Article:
In other threads I am advocating for a chromaticity preserving approach, but I do not think it is the only valid approach. I think the reality in 2021 is that viewers are more used to seeing the look of per-channel rgb tonemapping than film.

I believe, based on the admittedly basic and naive examinations I’ve done, that most digital cinema display rendering transforms use a per-channel rgb approach, perhaps with some additional gamut mapping. Red IPP2, Arri Classic, Sony Venice. The differences between them seem to be the “rendering gamut”, and proprietary gamut mapping. It’s actually pretty interesting to look at the results of the Sony SGamut3CineSLog3_To_LC-709.cube lut on the gamut mapping virtual working group images. It handles all of these images really well without many hideous hue shifts and clipping. I’ll throw up some pictures here, since this particular display transform hasn’t really been included in the test images we’ve seen here before.

It’s all speculation of course, but I believe part of this is due to the wider rendering gamut of SGamut3.cine, and part of it is gamut mapping.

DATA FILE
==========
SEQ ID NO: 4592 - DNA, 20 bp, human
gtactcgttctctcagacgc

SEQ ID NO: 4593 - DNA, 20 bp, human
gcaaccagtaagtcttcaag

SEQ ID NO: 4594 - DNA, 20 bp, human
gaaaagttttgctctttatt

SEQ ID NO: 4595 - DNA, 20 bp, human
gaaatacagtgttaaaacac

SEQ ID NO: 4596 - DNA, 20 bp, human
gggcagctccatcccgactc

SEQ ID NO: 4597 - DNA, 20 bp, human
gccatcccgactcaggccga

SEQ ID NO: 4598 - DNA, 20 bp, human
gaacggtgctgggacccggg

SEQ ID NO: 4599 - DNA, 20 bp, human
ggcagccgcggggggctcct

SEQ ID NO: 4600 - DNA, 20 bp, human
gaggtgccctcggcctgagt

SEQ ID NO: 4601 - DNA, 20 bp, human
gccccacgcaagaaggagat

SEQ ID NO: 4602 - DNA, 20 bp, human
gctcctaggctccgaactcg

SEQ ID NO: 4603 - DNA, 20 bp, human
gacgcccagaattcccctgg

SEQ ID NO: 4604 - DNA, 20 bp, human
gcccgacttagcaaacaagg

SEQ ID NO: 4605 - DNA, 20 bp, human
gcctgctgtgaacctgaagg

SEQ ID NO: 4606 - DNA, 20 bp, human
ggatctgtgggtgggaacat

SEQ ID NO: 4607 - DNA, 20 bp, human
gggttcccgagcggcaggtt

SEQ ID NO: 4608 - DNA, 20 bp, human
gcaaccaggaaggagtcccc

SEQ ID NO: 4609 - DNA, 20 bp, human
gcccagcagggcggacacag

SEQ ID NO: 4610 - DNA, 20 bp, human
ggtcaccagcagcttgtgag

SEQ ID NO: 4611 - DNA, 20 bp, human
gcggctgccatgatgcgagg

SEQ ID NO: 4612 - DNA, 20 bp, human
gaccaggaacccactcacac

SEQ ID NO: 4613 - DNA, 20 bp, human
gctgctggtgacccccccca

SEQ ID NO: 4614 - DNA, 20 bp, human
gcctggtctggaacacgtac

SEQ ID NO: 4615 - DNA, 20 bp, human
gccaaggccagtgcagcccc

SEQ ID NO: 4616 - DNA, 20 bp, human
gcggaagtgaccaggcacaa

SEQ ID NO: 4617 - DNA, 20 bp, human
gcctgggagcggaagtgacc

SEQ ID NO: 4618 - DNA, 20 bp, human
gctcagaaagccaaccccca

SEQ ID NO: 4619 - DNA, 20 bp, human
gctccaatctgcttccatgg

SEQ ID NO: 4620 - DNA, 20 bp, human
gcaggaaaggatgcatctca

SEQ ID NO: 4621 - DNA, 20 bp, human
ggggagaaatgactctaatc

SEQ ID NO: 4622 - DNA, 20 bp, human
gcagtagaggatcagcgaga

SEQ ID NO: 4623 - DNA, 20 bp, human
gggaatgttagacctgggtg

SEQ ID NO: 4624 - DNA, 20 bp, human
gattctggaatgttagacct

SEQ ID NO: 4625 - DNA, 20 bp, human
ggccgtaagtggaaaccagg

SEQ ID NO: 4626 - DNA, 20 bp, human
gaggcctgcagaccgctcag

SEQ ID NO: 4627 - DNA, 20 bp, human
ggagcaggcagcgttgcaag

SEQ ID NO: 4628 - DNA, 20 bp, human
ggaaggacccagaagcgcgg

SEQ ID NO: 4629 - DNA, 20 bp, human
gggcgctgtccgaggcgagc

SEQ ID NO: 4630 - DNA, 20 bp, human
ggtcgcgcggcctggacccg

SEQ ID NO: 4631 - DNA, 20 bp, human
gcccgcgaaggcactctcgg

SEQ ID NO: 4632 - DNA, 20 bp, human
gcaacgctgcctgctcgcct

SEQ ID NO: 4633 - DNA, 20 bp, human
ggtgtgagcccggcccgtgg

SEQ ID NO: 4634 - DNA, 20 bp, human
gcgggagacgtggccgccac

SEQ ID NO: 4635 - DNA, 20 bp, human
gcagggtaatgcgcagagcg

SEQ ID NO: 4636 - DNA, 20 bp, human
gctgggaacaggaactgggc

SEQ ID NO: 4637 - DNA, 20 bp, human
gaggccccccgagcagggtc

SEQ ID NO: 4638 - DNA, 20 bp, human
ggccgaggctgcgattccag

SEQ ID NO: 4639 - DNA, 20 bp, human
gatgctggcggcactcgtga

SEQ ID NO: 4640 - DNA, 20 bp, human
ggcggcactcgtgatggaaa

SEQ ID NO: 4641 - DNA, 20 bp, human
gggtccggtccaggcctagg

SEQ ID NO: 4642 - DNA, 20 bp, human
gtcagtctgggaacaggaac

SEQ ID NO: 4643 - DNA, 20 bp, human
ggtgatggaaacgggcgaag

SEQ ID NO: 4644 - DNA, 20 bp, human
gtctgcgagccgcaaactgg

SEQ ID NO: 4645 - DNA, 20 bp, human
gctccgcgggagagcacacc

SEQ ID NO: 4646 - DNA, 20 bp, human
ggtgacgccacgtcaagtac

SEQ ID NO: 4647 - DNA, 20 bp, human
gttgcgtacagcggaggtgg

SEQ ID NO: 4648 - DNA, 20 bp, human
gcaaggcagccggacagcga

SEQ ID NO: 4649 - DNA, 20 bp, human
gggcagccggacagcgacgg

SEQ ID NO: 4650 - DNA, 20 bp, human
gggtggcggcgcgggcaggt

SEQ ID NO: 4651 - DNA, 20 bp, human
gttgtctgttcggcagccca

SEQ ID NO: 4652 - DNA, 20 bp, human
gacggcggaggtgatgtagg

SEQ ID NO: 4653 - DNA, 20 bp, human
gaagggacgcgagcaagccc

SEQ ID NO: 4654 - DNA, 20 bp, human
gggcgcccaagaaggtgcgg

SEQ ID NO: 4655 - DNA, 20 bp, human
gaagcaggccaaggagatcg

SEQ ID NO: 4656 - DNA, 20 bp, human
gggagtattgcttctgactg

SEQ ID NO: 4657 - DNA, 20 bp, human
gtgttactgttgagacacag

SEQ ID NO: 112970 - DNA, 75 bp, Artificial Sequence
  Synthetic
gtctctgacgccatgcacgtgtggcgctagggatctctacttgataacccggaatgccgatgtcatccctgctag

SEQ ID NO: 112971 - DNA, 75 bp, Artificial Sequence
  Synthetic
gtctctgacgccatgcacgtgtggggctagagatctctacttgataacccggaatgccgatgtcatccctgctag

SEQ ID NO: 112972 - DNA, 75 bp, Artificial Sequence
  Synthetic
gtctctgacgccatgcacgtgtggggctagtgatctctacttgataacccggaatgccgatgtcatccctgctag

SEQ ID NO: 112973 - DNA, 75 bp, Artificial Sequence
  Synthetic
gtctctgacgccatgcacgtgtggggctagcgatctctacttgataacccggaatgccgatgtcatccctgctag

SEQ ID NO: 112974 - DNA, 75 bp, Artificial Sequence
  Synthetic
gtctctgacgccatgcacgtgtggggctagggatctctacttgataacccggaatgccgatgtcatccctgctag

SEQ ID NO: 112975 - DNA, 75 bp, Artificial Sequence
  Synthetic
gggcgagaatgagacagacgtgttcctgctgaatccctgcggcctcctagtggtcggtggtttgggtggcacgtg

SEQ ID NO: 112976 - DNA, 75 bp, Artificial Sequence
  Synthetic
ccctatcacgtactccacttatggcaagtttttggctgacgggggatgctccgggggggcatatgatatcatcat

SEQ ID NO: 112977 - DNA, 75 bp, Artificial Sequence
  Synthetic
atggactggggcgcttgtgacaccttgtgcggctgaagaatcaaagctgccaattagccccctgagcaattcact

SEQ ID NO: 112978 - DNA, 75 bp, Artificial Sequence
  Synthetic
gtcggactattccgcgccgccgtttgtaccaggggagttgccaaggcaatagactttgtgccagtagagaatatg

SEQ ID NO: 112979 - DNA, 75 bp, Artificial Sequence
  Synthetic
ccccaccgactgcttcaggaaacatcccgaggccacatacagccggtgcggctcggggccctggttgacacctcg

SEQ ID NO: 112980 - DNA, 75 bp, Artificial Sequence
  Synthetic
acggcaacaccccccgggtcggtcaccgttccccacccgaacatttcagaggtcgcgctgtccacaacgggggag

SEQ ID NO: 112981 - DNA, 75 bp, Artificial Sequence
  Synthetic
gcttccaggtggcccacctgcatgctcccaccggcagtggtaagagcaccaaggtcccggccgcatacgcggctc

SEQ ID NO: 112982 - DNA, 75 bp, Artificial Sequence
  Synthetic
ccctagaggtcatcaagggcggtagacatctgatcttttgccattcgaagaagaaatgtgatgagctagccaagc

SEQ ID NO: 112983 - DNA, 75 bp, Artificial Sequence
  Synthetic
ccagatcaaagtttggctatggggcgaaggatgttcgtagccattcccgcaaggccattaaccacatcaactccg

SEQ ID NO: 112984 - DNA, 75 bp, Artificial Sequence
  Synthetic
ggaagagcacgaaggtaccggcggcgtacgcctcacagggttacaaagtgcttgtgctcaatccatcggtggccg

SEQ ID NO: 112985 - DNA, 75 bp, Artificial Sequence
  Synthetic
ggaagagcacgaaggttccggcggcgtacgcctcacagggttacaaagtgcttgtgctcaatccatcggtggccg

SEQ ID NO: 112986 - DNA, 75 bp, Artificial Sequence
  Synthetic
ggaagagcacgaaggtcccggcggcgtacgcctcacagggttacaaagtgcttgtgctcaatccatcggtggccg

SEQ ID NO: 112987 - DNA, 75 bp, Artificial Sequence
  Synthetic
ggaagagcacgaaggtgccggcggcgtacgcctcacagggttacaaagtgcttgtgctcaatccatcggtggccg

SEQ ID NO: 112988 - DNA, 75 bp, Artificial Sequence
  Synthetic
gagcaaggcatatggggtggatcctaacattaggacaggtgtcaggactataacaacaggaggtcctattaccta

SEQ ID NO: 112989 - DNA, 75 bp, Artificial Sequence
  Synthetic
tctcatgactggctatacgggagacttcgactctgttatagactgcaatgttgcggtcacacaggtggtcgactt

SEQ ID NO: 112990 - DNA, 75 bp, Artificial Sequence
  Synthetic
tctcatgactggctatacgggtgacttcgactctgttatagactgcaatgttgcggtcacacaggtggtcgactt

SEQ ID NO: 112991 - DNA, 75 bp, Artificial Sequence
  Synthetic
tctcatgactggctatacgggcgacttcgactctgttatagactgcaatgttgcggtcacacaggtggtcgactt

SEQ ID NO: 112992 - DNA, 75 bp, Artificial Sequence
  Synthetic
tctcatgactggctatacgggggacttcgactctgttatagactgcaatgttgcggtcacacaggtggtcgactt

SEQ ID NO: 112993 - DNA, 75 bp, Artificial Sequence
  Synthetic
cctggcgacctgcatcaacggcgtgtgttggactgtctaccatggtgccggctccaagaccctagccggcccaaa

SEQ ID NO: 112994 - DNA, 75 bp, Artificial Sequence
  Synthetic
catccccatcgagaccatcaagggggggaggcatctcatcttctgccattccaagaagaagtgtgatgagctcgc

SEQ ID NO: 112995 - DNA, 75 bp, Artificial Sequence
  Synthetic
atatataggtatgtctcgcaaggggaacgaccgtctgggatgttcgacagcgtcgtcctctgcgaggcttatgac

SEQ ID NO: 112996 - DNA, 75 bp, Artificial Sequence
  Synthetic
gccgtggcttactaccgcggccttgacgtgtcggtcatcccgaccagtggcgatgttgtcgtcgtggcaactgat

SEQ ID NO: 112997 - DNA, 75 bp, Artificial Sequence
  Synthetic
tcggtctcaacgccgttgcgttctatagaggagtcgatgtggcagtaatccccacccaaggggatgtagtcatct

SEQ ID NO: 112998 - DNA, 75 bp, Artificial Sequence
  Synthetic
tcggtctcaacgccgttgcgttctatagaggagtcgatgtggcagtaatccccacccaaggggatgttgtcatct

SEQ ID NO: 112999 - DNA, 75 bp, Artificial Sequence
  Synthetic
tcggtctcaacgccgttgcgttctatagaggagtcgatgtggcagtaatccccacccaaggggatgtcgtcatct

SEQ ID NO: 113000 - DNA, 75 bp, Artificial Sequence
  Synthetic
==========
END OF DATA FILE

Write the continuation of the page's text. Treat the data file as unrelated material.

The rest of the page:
There’s a screenshot of SGamut3.Cine

I think it would be a useful (and very easy) experiment to put together a per-channel-rgb prototype as well, maybe using a wider rendering gamut like Filmlight E-Gamut, SGamut3.Cine, or DaVinci Wide Gamut. I think having this as a point of comparison would be useful.

I also think that the real challenge in this project and where the real complexity lies is in gamut mapping. At least for me, this is the next big topic I want to learn more about (yes, even after spending a lot of time on this already in 2020!).


Thank you for pointing that out and helping make the distinction clear. While they may yield the same result, they have different intentions and it’s important to separate them; I know I’ve been guilty of lumping them together in some of these conversations.